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Relationships between regional coastal land cover distributions and elevation reveal data uncertainty in a sea-level rise impacts model

May 15, 2019

Understanding land loss or resilience in response to sea-level rise (SLR) requires spatially extensive and continuous datasets to capture landscape variability. We investigate sensitivity and skill of a model that predicts dynamic response likelihood to SLR across the northeastern U.S. by exploring several data inputs and outcomes. Using elevation and land cover datasets, we determine where data error is likely, quantify its effect on predictions, and evaluate its influence on prediction confidence. Results show data error is concentrated in low-lying areas with little impact on prediction skill, as the inherent correlation between the datasets can be exploited to reduce data uncertainty using Bayesian inference. This suggests the approach may be extended to regions with limited data availability and/or poor quality. Furthermore, we verify that model sensitivity in these first-order landscape change assessments is well-matched to larger coastal process uncertainties, for which process-based models are important complements to further reduce uncertainty.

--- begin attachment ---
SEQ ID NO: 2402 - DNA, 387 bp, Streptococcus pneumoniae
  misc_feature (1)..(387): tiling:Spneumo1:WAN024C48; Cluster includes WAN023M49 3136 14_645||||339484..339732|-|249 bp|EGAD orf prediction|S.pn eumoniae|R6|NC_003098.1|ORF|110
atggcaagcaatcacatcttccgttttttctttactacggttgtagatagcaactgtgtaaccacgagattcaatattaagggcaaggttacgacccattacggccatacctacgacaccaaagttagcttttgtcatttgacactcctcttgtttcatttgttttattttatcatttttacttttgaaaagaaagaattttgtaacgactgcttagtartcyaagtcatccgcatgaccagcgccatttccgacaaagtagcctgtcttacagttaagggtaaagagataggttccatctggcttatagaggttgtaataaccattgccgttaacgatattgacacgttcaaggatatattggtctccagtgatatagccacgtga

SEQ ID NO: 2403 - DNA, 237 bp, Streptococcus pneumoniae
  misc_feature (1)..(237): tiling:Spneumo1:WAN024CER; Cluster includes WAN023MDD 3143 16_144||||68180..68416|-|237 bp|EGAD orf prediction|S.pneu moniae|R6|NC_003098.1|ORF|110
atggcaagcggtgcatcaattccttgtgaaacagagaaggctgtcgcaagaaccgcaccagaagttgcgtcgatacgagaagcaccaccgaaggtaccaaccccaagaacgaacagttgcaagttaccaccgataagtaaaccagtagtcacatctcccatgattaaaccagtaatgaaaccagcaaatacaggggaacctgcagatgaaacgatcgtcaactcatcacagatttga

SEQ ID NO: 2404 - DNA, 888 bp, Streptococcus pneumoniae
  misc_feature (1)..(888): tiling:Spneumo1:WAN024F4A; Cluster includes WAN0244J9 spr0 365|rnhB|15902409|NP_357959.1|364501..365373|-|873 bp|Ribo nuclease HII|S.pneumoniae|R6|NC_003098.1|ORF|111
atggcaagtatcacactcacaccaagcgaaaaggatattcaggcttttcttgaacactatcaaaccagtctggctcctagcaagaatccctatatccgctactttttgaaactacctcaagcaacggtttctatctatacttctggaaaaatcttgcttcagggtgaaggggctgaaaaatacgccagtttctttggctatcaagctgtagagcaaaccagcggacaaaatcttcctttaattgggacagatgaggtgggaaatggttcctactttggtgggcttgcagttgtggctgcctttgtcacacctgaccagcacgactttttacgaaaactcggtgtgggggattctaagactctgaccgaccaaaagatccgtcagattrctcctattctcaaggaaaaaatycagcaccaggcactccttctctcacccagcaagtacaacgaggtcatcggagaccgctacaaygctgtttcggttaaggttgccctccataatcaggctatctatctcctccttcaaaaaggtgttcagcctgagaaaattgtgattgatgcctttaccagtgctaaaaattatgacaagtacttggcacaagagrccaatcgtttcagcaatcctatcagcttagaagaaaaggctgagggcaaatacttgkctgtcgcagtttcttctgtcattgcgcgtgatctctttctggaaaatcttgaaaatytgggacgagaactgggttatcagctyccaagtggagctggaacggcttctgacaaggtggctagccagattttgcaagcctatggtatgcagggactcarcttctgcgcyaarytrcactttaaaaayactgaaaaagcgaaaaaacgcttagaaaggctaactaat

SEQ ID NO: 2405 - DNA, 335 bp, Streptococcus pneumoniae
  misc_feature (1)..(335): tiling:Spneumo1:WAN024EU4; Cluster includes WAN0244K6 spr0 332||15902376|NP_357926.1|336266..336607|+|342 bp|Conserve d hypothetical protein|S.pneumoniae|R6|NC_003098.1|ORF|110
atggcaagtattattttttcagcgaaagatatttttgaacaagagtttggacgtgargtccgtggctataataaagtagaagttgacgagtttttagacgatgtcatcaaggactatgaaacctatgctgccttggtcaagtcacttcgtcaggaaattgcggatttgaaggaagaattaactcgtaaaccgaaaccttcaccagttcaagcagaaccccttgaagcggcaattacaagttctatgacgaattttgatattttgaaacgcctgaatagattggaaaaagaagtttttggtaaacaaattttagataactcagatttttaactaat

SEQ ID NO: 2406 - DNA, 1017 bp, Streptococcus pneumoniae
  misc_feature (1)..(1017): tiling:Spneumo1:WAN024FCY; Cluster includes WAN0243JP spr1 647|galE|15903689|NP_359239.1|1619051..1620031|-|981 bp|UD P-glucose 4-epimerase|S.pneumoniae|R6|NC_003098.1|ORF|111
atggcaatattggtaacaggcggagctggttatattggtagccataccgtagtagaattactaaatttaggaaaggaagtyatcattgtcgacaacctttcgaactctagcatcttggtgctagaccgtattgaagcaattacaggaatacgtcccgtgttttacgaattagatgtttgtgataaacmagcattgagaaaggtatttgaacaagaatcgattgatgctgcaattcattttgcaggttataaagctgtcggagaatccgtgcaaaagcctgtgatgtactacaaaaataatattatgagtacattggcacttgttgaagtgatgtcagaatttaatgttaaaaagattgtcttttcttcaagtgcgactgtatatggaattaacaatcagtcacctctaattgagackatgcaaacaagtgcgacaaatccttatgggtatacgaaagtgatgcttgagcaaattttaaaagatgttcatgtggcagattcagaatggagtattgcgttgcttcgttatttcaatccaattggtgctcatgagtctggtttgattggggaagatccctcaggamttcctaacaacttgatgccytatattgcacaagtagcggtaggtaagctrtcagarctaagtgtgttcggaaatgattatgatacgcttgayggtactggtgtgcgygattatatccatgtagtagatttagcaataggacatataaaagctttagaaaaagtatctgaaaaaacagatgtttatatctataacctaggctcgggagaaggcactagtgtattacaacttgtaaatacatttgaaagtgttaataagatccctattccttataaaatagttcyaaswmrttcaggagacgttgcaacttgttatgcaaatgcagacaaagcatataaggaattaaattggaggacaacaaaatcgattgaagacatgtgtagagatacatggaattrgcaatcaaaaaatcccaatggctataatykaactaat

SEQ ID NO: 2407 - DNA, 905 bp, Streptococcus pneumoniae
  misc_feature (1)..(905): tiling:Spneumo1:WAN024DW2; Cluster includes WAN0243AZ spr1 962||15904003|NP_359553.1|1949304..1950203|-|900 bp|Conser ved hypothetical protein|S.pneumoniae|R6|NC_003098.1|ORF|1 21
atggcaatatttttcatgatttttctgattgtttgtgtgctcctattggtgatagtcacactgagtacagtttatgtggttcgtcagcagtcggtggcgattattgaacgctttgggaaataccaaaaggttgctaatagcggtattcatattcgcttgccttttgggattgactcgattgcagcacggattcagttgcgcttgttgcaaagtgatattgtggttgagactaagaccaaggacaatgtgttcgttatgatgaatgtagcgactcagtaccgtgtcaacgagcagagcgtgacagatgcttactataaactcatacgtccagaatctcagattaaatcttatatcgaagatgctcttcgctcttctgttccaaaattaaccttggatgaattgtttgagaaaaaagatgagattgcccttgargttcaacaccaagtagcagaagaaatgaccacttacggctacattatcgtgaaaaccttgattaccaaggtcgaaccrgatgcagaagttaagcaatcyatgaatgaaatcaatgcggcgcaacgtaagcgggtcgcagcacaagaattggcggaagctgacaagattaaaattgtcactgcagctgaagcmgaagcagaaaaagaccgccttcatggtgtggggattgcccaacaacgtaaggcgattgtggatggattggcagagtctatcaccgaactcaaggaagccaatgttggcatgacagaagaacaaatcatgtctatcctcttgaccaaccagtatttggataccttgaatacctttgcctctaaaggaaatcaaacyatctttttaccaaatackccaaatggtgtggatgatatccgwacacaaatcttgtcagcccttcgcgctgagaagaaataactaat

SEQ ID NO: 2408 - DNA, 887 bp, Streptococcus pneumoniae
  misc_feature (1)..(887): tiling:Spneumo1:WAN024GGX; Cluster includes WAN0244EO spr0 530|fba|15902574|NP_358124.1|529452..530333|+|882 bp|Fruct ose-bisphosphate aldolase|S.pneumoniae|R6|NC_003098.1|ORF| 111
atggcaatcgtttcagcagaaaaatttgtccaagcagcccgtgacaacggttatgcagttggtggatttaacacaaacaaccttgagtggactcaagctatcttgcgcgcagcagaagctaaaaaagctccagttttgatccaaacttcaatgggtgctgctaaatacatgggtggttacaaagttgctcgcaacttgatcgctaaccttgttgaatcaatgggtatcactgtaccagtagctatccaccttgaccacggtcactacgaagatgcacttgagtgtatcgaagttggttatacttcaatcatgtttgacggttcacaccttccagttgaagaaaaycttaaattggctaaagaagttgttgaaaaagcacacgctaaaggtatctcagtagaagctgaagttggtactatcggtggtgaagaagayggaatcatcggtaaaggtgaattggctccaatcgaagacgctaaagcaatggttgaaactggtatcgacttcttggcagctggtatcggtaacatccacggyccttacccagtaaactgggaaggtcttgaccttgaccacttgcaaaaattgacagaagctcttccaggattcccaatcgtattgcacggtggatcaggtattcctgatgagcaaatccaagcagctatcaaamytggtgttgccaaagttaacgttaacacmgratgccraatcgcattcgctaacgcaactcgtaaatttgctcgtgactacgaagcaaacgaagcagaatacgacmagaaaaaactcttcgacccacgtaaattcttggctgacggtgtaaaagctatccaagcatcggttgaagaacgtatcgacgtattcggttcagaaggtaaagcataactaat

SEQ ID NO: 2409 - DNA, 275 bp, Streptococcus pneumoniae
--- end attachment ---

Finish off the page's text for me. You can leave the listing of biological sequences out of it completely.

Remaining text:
Citation Information

Publication Year 2019
Title Relationships between regional coastal land cover distributions and elevation reveal data uncertainty in a sea-level rise impacts model
DOI 10.5194/esurf-7-429-2019
Authors Erika E. Lentz, Nathaniel G. Plant, E. Robert Thieler
Publication Type Article
Publication Subtype Journal Article
Series Title
Series Number
Index ID 70203552
Record Source USGS Publications Warehouse
USGS Organization Woods Hole Coastal and Marine Science Center